Home » Featured Content » Action Items » Classifying clinical trial portals

Classifying clinical trial portals

Monday, June 15, 2015

A popular driver of clinical trial portal adoption is the desire to improve investigative site staff satisfaction by providing integrated solutions that require fewer credentials, less double data entry and fewer manual paper processes. Other objectives include decreasing study timelines (especially site selection and activation), cutting study costs, improving study team oversight and moving to a paperless environment.

The term “portal” is overused in the clinical trial setting, and the problems portals solve are unclear. To provide more clarity regarding portal categories and the features they can provide, portals should be classified by levels:

Level 1—Information-sharing: Able to restrict access to the system and control which studies a user can see; provides basic collaboration tools.

Level 2—Collaboration: Has level 1 capabilities plus role-based access and permissions, offers mechanisms by which study teams and sites can send/ receive files and provides single sign- on to third-party applications.

Level 3—Business-enabling: Offers level 2 capabilities plus a full audit trail and integrated task management and workflow tools.

Level 4—Integrated: Has level 3 capabilities, plus the ability to push/pull data from other eClinical systems and generate integrated reports that show overall site/study progress.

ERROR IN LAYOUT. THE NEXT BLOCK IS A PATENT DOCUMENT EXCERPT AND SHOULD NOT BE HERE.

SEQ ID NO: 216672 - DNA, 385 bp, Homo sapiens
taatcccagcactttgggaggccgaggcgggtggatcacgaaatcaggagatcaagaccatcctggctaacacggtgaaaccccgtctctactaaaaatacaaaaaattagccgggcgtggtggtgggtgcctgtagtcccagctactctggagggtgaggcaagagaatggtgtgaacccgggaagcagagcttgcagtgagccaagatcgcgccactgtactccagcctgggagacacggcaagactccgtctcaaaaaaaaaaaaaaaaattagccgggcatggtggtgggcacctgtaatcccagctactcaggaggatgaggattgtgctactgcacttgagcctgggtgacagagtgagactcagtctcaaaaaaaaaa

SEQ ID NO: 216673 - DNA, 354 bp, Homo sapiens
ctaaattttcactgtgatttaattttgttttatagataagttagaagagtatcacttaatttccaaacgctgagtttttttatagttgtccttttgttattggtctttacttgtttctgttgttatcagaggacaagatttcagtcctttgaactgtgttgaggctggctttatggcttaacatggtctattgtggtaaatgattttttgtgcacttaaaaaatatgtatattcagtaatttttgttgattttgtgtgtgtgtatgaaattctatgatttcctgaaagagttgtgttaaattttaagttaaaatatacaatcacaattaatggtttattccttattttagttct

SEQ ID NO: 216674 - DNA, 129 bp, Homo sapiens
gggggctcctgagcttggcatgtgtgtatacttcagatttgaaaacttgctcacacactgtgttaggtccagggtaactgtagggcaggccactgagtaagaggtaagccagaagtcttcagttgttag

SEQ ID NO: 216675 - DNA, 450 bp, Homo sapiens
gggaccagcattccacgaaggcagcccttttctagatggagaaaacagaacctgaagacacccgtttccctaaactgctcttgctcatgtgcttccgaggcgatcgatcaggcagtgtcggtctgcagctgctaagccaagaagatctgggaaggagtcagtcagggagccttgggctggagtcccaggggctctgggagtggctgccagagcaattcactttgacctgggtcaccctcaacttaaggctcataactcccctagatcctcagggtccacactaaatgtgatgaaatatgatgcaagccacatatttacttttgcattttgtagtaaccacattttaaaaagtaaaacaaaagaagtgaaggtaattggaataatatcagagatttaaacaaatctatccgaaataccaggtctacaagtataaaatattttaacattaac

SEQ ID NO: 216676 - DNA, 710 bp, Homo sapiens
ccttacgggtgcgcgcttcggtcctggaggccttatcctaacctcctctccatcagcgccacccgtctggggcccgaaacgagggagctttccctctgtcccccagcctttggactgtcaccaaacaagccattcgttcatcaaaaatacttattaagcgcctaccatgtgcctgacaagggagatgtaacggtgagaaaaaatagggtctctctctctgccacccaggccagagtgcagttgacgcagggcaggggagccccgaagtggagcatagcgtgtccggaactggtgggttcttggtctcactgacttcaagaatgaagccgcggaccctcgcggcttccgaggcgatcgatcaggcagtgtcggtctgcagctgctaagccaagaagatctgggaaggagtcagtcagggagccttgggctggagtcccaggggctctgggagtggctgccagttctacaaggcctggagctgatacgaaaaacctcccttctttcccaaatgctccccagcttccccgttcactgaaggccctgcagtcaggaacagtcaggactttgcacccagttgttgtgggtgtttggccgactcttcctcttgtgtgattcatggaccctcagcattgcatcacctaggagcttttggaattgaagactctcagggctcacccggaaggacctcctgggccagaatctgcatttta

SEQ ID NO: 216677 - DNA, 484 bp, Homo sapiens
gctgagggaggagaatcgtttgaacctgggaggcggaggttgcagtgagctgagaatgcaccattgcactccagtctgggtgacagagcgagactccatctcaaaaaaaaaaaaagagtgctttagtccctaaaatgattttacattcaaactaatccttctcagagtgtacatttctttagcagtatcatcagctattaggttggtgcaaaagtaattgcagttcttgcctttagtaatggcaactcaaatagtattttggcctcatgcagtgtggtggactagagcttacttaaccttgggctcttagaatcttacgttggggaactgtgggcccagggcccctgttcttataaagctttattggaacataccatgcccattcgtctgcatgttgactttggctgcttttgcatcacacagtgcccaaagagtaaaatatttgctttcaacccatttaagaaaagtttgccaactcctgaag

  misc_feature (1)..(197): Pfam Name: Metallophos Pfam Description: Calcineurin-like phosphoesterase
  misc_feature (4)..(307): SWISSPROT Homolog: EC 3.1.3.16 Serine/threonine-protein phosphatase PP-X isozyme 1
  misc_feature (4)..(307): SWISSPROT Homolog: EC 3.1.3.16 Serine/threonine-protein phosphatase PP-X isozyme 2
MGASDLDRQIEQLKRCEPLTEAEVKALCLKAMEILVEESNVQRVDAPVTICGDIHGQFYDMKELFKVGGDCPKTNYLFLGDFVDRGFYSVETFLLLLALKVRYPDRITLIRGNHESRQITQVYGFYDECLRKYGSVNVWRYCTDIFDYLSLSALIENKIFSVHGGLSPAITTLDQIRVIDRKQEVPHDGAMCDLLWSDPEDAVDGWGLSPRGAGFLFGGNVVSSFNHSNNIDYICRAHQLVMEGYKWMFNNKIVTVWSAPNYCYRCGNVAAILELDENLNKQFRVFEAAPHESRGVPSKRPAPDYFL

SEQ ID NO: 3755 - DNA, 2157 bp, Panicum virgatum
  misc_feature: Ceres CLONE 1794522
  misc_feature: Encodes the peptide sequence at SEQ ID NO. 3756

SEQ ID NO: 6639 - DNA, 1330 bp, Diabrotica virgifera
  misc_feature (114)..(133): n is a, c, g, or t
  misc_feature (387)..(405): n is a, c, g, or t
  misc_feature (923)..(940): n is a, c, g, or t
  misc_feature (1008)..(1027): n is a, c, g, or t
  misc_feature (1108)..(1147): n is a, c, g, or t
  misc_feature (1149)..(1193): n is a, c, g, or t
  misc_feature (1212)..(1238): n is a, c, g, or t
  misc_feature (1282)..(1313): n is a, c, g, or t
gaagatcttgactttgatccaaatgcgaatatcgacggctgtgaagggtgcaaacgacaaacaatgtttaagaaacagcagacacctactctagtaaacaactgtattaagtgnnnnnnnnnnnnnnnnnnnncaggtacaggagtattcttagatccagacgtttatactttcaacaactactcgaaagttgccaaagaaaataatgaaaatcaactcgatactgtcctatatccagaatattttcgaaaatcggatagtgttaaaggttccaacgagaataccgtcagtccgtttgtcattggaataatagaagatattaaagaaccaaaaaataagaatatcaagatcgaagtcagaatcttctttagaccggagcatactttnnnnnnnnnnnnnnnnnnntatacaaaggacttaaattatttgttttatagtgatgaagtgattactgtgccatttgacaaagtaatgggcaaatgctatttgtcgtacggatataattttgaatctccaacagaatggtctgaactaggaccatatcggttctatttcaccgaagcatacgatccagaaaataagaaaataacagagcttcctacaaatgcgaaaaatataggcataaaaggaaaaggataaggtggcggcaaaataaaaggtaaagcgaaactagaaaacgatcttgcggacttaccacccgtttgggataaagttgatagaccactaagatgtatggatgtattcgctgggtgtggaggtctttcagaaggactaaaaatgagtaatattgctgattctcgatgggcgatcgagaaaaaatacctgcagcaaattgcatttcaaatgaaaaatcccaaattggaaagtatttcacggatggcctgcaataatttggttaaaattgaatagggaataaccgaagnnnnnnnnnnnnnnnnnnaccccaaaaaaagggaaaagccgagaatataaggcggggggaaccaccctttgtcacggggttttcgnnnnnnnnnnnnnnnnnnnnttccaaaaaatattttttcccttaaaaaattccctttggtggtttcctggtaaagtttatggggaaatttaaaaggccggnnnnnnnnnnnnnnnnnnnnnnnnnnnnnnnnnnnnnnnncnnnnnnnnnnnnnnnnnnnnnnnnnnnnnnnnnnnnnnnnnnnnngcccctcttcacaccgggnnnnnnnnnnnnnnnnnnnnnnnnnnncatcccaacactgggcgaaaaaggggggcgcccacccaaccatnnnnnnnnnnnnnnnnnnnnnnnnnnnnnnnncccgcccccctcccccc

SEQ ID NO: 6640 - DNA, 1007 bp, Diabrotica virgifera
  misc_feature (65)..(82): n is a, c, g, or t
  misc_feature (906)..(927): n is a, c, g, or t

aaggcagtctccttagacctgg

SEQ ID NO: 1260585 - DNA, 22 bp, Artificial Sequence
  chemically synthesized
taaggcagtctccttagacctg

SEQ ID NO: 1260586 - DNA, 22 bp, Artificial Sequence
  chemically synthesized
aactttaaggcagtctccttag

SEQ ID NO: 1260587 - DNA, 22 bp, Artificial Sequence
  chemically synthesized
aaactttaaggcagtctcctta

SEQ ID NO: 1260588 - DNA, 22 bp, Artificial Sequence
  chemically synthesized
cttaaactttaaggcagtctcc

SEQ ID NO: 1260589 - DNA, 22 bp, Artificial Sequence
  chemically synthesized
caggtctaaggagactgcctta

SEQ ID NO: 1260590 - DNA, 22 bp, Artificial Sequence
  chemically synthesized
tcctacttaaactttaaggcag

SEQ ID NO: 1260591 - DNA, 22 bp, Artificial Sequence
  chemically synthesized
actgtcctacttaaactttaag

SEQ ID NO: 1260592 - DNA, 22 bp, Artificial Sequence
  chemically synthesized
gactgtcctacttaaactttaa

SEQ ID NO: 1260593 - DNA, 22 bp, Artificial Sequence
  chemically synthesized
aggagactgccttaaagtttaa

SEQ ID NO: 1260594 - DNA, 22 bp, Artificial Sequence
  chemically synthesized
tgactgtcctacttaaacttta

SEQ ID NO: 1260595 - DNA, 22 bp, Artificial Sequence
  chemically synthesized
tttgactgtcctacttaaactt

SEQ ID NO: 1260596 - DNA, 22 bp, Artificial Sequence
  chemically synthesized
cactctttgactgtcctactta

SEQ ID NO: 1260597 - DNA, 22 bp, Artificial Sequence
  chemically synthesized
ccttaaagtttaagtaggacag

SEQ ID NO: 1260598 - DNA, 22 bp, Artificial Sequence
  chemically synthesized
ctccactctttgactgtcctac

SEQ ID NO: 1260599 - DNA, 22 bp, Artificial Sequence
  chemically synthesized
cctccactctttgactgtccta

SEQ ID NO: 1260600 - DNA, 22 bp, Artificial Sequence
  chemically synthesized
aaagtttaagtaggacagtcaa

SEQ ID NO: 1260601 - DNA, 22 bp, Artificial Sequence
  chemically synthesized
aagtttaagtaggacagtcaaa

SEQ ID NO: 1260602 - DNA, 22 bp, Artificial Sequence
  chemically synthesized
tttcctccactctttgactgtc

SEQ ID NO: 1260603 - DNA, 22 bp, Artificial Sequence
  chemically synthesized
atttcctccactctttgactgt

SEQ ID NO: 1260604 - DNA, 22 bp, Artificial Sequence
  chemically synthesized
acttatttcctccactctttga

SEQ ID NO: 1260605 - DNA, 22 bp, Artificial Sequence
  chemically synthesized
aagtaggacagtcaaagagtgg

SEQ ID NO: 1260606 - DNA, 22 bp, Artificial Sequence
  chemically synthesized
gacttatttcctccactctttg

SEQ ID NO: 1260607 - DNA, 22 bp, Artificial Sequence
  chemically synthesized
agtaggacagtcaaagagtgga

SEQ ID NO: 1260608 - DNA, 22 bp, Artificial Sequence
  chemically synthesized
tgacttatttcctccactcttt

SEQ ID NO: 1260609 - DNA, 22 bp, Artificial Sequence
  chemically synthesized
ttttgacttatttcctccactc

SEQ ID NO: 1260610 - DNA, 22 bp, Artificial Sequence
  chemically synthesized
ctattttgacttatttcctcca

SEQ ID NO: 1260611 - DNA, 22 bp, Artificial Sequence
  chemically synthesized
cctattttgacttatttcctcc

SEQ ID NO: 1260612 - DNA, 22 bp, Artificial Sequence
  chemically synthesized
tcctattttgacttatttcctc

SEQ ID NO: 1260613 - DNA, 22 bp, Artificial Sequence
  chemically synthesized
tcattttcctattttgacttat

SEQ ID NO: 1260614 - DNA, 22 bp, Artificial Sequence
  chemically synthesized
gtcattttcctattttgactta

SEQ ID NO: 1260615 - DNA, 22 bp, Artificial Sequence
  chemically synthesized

• Achieving desired business outcomes requires certain portal levels: Increase site satisfaction: Reduce the staff need to remember multiple credentials for the various eClinical systems. (Level 2 portal minimum)
  • Improve study timelines: Offer collaboration or business-enablement applications. (Level 2 or 3)
  • Decrease study operating costs: Reduce task duration by implementing collaboration or business-enablement applications. Automate document exchange with sites and reduce courier costs. (Level 3 or 4)
  • Increase visibility and oversight capabilities: Employ a portal that tracks activities, assigns tasks and reports activity within (and ultimately outside of) the portal. (Level 3 or 4)

In addition to categorizing clinical trial portals based on functionality, the industry also should consider collaborating with a standards organization, such as OASIS or ISO, to define interoperability standards.

 

Written by Guest Writer Lance Converse. Converse is CEO of ePharmaSolutions, a WIRB-Copernicus Group company. Before starting ePharmaSolutions, he founded Acurian, an investigator and patient recruitment company, and ReSearch Pharmaceutical Services, a publicly-traded CRO. He also is a co-founder and board member of two biopharmaceutical companies.

Christopher McSpiritt, practice lead-clinical optimization at Paragon Solutions, contributed to this article.

This article was reprinted from Volume 22, Issue 06, of The CenterWatch Monthly, an industry leading publication providing hard-hitting, authoritative business and financial coverage of the clinical research space. The Action Items section features short columns  focusing on actionable or how-to advice from clinical trial professionals. To submit an Action Item, please contact editorial@centerwatch.comSubscribe >>

 

Related Posts